What are interest limitation rules, and what do they mean?
The EU Anti-Tax Avoidance Directive (“ATAD”) required European Union Member States to implement a fixed ratio interest limitation rule. This limits the ability of entities to deduct net borrowing costs in a given year to a maximum of 30% of EBITDA (Earnings Before Interest, Tax, Depreciation and Amortisation).
EBITDA is used as a guide to the ability of an entity to meet its obligations to pay interest. It is also a measure of earnings often used by lenders in deciding how much interest expense an entity can reasonably afford to bear.
Ireland has implemented the interest limitation rules (“ILR”) for accounting periods beginning on /after 1 January 2022 via the Finance Act 2021. The rule is an important and significant change in Irish tax law. Financial services businesses need to consider how it will impact their operations.
The fixed ratio rule only limits an entity’s net interest deductions – interest expense in excess of interest income. Some multinational groups raise third-party debt centrally in one of their entities considering non-tax factors such as credit rating, currency, and access to capital markets. These funds can then be lent onward to an operating company in the group to fund its activities. The fixed ratio rule is not designed to restrict this and there are two “group ratios” in the rules which could mitigate the impact in certain cases. These provide a measure of relief by allowing a higher interest deduction to an individual taxpayer by reference to the position of the wider accounting group.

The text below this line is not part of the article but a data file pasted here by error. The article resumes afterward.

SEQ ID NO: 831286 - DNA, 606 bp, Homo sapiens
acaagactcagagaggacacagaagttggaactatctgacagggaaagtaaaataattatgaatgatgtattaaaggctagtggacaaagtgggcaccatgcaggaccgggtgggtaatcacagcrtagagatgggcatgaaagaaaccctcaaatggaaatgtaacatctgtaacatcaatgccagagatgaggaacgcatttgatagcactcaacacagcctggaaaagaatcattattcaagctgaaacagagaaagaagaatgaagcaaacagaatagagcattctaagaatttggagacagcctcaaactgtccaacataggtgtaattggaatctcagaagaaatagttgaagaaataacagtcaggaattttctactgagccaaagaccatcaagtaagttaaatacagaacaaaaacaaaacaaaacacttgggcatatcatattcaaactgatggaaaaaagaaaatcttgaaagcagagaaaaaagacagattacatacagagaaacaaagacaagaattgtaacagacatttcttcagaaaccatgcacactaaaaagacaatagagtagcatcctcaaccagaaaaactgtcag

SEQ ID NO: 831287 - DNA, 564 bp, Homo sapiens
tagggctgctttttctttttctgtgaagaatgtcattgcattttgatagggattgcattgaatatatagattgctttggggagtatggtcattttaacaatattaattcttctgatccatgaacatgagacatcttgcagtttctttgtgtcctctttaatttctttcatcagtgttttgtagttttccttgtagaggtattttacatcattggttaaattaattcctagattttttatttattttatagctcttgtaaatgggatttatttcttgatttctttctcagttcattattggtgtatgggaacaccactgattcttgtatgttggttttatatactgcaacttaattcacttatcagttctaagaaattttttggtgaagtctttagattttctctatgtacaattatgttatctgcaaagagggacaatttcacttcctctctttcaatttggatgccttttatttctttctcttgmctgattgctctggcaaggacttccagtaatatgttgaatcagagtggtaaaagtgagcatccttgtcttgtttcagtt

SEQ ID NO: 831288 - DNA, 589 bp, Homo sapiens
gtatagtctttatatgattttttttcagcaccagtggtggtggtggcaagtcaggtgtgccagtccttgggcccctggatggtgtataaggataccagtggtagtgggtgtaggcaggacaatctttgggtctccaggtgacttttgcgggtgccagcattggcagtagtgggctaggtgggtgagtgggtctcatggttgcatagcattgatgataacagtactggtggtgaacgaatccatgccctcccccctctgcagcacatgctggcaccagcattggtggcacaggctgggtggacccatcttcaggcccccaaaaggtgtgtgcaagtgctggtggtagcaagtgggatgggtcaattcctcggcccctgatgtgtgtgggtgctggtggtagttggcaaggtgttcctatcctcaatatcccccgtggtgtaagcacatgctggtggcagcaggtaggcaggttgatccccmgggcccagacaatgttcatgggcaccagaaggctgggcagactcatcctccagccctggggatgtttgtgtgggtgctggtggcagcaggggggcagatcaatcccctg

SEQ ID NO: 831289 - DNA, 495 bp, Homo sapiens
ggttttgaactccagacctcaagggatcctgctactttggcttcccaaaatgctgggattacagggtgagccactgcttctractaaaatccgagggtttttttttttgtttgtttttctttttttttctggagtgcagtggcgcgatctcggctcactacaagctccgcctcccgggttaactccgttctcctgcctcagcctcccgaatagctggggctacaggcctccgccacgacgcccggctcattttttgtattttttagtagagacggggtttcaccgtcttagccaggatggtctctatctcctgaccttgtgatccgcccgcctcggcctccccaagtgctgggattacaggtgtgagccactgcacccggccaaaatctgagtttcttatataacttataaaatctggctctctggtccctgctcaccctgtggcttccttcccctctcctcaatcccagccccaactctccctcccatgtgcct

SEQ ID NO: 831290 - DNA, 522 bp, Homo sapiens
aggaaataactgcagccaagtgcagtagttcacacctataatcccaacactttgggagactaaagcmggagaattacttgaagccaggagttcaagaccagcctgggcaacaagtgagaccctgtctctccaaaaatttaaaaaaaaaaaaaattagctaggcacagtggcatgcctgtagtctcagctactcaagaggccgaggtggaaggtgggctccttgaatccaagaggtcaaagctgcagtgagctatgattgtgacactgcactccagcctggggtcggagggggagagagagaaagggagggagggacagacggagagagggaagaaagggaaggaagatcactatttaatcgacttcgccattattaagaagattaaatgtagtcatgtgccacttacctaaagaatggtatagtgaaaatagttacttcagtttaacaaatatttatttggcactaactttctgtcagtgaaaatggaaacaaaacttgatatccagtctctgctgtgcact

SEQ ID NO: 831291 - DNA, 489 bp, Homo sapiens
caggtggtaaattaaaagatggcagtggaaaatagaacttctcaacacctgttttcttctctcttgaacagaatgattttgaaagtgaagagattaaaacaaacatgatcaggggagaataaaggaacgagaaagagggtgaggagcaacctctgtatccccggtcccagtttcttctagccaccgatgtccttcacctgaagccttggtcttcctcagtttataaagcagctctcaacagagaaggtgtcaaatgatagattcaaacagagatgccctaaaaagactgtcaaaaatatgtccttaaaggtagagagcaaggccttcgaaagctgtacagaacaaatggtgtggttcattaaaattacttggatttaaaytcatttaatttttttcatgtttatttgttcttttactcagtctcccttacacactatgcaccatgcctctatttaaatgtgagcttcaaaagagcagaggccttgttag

How EY can help
EY were actively engaged in the consultation process with respect to ILR throughout and so we are well positioned to advise on the impact. We have been reaching out to our clients to discuss the specific implications of the rules and working through the impact on their structures. EY have also been assisting clients in undertaking modelling exercises to better understand the impact of ILR on current business operations, including:
EY has also been advising on the potential impact of ILR on new structures or transactions that are currently in progress.
We have issued tax alerts containing detailed commentary on the impact and considerations around ILR across various sectors. Our most recent set was released on publication of the Finance Bill in November 2021, and they can be downloaded below:
Contact us today to discuss how we can support your ILR requirements in 2022.